July 13th, 2015

In general, would you consider yourself an easily offended person? Consider the statement below that is closest to how you think others would describe you.

  • Most things roll off my back, and I don’t take things personally very often. 
  • When someone says or does something hurtful to me, I initially get pretty upset. But I try not to make assumptions about motives and I give the person the benefit of the doubt. 
  • Often I read things into people’s facial expressions, body language and comments that I find offensive. I don’t say anything to them personally, but later I discuss it with someone who is close to me. 
  • People walk on eggshells around me because they know I can be offended pretty easily, and I will let them know about it, too! 

Christ modeled perfect forgiveness for us in life and in death. In Luke 23:34 we find his response to those who beat, mocked, unjustly accused, and tortured him: “Father, forgive them, for they don’t know what they are doing.” Imagine taking that posture in the very moment someone is hurting you. As you process the hurt in your life right now, the key to freedom from bitterness comes as you embrace God’s complete forgiveness for you. This will help to color how you view even those who have done evil things that have impacted your life dramatically.

Although Joseph did not know the gospel of Christ, he knew of God’s desire to rescue his people through the stories of Noah, Abraham, his grandfather Isaac and his father Jacob. He trusted by faith in the amount of revelation that he had received. We have an even fuller understanding of God’s grace and salvation. Our God sent his own Son to die on our behalf. He held nothing back to atone for our sins and erase the debt that we could never repay. He washed our sins away completely.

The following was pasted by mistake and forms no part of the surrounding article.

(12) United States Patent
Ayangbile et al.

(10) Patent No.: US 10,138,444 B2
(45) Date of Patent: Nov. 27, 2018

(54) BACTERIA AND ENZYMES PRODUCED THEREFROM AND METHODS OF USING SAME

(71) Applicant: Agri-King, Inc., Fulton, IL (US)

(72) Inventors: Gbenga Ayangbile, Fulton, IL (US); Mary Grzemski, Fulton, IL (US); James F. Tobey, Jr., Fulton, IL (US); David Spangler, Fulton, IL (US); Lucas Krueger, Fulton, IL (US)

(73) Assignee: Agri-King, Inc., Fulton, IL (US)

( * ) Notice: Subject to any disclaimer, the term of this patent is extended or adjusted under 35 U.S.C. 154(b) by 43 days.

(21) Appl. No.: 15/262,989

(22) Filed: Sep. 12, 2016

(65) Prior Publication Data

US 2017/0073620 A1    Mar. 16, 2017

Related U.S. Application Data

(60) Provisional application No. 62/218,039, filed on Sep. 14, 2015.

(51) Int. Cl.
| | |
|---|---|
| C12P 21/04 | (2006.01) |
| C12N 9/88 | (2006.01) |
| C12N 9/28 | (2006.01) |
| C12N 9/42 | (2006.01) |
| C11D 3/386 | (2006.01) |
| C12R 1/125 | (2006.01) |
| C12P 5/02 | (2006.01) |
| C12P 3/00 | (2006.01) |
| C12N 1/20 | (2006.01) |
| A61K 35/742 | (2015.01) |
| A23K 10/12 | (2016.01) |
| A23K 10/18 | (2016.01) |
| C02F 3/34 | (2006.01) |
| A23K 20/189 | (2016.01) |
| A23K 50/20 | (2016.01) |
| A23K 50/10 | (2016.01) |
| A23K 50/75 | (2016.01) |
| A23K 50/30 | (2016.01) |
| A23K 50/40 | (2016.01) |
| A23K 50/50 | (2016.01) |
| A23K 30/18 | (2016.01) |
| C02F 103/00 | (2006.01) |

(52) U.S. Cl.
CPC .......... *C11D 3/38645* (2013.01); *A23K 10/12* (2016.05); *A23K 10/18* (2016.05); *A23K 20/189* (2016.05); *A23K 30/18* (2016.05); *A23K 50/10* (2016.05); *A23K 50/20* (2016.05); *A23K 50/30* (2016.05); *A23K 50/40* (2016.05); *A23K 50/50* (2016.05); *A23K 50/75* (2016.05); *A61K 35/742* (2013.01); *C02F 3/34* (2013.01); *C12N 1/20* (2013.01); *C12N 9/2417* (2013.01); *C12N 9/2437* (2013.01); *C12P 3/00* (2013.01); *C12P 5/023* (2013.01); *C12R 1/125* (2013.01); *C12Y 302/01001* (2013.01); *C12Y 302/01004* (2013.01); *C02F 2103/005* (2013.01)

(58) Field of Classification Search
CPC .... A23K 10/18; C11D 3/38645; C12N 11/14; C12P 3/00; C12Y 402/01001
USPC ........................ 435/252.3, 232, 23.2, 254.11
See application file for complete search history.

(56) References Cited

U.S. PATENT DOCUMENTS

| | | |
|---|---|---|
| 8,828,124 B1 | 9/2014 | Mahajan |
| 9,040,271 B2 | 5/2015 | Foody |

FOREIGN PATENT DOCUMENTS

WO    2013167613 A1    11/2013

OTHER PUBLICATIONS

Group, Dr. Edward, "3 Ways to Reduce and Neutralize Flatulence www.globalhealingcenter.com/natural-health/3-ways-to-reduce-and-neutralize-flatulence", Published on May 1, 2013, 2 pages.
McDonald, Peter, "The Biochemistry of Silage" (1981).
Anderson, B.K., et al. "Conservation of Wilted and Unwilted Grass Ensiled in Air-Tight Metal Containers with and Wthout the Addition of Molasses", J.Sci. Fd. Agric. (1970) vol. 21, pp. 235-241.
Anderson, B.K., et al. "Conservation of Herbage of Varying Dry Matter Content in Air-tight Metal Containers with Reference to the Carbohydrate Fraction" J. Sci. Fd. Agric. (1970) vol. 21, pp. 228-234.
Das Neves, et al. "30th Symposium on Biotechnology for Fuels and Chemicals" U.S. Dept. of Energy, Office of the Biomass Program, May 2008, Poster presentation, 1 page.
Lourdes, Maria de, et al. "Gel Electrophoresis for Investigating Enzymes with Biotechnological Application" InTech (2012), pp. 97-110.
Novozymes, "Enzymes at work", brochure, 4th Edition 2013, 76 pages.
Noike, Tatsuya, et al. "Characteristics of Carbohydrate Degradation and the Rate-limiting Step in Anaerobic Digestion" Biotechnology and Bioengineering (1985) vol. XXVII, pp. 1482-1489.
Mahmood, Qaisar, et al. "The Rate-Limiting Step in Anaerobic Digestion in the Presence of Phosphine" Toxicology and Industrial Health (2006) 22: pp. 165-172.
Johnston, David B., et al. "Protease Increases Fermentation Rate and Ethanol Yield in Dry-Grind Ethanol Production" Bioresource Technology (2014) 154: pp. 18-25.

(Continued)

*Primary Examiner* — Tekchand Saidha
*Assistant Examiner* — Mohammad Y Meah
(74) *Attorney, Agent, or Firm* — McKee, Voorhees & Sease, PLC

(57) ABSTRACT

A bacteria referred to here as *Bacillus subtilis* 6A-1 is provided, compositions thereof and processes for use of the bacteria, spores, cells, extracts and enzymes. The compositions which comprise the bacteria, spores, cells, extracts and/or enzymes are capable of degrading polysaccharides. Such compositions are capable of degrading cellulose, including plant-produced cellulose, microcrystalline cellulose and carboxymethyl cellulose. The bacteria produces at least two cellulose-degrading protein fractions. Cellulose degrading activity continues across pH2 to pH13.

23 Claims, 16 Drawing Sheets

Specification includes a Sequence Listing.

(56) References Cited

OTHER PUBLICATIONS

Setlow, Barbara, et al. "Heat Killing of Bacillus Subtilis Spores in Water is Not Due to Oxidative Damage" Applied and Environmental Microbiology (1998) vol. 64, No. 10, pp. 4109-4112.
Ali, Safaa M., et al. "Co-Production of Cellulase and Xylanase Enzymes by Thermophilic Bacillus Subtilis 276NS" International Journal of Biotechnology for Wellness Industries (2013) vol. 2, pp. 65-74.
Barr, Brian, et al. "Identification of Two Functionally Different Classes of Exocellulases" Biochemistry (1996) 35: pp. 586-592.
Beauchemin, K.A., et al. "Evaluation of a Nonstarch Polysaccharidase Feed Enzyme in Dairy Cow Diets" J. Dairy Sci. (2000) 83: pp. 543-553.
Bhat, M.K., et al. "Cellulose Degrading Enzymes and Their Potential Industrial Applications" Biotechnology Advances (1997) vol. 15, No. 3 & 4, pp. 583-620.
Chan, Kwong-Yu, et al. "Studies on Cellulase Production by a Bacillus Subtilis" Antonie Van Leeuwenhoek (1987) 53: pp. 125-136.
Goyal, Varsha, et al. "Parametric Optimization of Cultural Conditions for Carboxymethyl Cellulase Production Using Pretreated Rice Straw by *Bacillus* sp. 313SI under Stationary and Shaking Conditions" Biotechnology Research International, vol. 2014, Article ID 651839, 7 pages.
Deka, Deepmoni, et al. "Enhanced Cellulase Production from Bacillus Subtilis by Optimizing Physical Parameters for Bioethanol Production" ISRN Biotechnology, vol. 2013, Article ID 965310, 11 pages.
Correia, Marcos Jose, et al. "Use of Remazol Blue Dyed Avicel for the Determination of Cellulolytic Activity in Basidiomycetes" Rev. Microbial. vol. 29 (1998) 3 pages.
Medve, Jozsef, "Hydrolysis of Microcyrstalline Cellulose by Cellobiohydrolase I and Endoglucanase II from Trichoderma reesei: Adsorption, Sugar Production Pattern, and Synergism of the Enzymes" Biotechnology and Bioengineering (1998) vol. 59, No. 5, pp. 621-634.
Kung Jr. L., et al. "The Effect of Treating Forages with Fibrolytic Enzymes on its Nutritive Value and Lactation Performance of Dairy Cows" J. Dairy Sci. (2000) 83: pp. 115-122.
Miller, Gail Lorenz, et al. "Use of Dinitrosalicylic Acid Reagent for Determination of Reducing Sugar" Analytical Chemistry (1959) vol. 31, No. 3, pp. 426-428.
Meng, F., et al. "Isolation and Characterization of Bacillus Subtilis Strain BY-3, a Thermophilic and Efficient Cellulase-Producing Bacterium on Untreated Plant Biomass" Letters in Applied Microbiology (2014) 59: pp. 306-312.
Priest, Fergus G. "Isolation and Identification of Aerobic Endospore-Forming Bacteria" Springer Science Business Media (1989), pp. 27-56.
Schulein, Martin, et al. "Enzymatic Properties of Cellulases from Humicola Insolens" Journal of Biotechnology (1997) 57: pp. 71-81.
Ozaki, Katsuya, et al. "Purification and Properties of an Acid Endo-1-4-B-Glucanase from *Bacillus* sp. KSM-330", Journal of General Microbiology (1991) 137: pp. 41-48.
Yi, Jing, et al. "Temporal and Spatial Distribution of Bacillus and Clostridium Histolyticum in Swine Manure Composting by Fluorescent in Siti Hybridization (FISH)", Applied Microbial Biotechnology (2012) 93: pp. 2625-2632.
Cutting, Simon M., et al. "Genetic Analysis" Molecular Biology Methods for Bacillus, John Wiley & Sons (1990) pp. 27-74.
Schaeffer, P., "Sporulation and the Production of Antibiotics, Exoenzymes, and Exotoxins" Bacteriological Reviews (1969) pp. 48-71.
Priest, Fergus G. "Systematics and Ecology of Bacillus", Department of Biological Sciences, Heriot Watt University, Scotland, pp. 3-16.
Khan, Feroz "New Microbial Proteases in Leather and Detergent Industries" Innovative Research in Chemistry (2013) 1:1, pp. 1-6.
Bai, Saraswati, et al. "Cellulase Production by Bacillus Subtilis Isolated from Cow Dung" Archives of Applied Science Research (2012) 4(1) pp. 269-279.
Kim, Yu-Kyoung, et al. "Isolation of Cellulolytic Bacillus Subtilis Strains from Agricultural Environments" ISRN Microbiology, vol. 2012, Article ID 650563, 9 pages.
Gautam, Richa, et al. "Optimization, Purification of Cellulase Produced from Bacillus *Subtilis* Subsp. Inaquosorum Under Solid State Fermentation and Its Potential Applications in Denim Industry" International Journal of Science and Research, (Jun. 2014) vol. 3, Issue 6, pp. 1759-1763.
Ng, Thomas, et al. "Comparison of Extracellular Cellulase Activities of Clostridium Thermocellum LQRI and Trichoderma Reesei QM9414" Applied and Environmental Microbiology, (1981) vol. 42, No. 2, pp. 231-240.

How does realizing God’s grace toward you help you to move toward forgiving those who have hurt you? By focusing on truth and gaining perspective on the offenses of others in light of the offenses God has forgiven us, we can forgive as we’ve been forgiven.

How can you move toward being a less offendable person in your marriage, friendships, and work relationships?

Melissa Spoelstra is a popular Bible teacher, conference speaker and writer. She is the author of "Jeremiah: Daring to Hope in an Unstable World" and "Joseph: The Journey to Forgiveness." Melissa blogs at

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